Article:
Calcutta native Debashish Bhattacharya and American Bob Brozman, both slide guitar virtuosi in their own traditons, have joined forces to create a masterpiece. Mahima is a joyous marriage of two major world music forms into something new and beautiful.
The two have known each other for some time and admired each other's work, but it wasn't until the summer of 2002 that they got together on Brozman's home ground in California to record. Brozman participated in three earlier cross-cultural collaborations, including two with Takashi Hirayasu (JinJin in 2000 and Nankuru Naisa in 2001), and one with Rene LeCaille, so he has a pattern by now that works. He and his collaborators live, play and work together, getting a feel for each other's personalities as well as the music, which is allowed to organically grow with the relationship.
In the case of Mahima, it's a family affair. Debashish plays the 24-string Hindustani slide guitar he created based on the Hawaiian guitar, while his brother Subhashis plays tabla and other percussion, and their sister Sutapa sings on about half of the tracks. Brozman plays various American resonator guitars, plus the Andean charango, which he promotes as a universal instrument that fits with acoustic music from many cultures.
Although Bhattacharya's more complex instrument most often stands out in these works, the concept of lead and rhythm guitarists falls by the wayside, as Brozman and Bhattacharya join in a true collaboration. It's a real blending of eastern and western sounds into something exciting and new.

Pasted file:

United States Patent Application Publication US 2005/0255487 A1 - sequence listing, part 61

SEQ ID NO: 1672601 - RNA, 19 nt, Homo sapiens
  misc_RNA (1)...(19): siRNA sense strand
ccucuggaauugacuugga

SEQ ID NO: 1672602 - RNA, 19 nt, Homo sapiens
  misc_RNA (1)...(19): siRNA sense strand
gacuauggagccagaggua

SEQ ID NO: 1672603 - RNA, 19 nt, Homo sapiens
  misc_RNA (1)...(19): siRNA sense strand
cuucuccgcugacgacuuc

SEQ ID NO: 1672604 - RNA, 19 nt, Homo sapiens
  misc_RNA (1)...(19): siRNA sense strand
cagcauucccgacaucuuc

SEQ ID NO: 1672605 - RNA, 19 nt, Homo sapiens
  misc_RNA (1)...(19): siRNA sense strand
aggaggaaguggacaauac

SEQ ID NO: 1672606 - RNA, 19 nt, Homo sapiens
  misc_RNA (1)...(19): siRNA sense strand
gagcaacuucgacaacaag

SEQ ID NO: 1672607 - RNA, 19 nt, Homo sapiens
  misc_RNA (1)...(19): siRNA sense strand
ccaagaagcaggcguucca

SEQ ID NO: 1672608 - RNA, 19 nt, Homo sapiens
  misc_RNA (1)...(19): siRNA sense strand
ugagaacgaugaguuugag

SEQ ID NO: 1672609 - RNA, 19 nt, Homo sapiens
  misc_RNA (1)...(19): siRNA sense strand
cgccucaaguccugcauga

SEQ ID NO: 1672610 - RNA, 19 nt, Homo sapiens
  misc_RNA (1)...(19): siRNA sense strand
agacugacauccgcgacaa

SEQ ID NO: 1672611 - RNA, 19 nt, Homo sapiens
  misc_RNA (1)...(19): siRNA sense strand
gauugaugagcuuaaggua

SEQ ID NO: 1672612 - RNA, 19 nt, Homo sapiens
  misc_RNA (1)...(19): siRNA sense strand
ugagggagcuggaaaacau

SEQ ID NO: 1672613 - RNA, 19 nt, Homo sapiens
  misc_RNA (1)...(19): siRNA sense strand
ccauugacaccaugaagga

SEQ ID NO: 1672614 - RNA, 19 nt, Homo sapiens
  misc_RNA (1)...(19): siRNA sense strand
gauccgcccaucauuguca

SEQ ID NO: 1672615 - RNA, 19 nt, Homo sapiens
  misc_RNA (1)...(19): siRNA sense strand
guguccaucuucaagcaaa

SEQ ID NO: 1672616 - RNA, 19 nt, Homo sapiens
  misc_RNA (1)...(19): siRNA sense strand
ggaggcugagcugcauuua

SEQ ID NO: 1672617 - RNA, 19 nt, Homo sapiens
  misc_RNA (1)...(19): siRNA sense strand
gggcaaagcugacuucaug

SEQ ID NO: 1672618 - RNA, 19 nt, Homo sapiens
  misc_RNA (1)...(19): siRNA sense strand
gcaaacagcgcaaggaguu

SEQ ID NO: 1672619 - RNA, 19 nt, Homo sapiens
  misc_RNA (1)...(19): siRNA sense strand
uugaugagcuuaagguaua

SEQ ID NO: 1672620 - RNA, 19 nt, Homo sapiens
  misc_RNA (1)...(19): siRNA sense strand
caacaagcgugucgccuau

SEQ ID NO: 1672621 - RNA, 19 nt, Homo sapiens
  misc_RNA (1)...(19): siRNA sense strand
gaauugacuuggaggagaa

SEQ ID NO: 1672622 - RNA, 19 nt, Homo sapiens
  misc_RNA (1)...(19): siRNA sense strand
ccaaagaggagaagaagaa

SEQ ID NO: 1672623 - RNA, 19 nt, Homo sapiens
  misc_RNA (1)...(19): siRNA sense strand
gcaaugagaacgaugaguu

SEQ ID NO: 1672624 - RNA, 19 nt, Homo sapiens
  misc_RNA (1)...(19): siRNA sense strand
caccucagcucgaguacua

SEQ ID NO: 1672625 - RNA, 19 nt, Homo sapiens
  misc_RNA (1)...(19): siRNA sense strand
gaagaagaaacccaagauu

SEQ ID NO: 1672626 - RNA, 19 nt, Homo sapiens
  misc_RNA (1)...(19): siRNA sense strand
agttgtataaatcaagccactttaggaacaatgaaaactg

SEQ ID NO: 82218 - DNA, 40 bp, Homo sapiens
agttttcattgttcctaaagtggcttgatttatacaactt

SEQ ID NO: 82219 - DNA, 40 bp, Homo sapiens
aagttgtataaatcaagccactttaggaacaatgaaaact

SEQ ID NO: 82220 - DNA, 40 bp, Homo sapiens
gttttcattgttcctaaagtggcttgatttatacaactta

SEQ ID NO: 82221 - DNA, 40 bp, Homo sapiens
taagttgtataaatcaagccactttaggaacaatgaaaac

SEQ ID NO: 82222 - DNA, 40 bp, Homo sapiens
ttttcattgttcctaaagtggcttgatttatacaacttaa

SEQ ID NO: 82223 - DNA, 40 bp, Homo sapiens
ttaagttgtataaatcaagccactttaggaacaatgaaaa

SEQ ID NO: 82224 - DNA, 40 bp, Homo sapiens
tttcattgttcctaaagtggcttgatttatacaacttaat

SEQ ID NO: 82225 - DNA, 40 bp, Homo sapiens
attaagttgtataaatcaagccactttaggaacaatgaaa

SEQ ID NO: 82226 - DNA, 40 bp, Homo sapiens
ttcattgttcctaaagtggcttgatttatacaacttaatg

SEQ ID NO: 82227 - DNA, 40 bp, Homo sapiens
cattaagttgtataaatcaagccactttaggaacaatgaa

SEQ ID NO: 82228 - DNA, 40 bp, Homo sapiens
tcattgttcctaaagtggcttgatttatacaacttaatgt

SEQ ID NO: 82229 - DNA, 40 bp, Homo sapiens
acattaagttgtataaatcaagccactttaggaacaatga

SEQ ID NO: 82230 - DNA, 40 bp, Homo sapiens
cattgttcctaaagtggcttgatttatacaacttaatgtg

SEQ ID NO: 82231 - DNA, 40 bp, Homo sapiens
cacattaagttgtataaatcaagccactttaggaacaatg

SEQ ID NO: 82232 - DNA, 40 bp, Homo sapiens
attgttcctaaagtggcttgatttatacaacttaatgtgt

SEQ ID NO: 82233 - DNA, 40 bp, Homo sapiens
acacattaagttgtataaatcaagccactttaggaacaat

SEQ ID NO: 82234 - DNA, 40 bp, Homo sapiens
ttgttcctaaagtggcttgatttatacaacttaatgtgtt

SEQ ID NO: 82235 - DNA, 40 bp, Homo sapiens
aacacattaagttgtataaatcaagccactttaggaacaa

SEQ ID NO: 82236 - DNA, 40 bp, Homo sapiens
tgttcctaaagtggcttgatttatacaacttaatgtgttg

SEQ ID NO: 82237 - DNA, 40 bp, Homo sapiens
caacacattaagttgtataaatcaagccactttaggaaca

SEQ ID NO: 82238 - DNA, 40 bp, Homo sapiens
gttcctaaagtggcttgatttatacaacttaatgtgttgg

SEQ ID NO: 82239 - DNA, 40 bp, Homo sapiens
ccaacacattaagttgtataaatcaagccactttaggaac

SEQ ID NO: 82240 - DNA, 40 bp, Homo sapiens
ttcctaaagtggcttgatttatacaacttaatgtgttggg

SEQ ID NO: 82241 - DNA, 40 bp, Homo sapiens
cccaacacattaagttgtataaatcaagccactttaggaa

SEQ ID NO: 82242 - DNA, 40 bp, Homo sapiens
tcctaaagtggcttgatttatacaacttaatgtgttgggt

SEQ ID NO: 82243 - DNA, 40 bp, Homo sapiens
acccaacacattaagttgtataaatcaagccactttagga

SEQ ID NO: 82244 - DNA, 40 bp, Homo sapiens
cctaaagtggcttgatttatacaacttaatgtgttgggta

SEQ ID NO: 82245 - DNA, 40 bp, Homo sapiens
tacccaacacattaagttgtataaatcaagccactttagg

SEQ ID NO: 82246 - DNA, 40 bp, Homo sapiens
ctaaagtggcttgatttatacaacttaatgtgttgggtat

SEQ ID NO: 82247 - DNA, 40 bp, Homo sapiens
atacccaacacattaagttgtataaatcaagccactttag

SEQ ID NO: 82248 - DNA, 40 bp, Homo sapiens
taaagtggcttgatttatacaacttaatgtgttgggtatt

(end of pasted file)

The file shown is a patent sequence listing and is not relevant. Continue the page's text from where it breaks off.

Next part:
It's exemplified by the joyous and almost silly "Digi Digi Dom Dom," based on these nonsense syllables. As the guitarists rapidly run through a cultural blend of melodies, from "Home on the Range" to Mexican and Cuban standards, Sutapa multi-tracks her vocals in a round, sometimes singing words, sometimes echoing the "takka-takka-tum" of the tabla, and everybody joins in on the "Digi-digi-dom-dom" choruses. The whole thing sounds like a soundtrack for a silly love scene in a Bollywood musical.
There are many other cross-cultural moments. "Maa," based on an ancient raga, blends Western harmonies with Eastern melodies. "Tagore Street Blues," a Brozman composition, is based on a 16-bar blues done in traditional Indian scales. "Bana Bali" is an African take on the raga form, blending the 4/4 beat of Mali with the 16-beat rhythm of Subhashis on tabla.
Perhaps the most evocative tracks are "Jibaner Gan (Song of Life)," a slow, dark and stately tune reflective of the forests of Assam; and "Loomba Re Loomba," which brings forth the sounds and rhythms of a camel caravanserai in old Calcutta. Sutapa's most moving moment is in "Sujan Re," the song of a woman whose fisherman husband has not returned from the sea, which can also be read as a devotional song: "Day and night, I've been sitting in the doorway, watching the path, waiting for you to come."
The package comes replete with excellent liner notes and photography, including lyrics in English and Hindi.
Anyone who enjoys slide guitar, Hawaiian music or Indian music will find something to like about this album. I'm probably biased toward guitar works, but Mahima gets my vote for best World Music CD of 2003.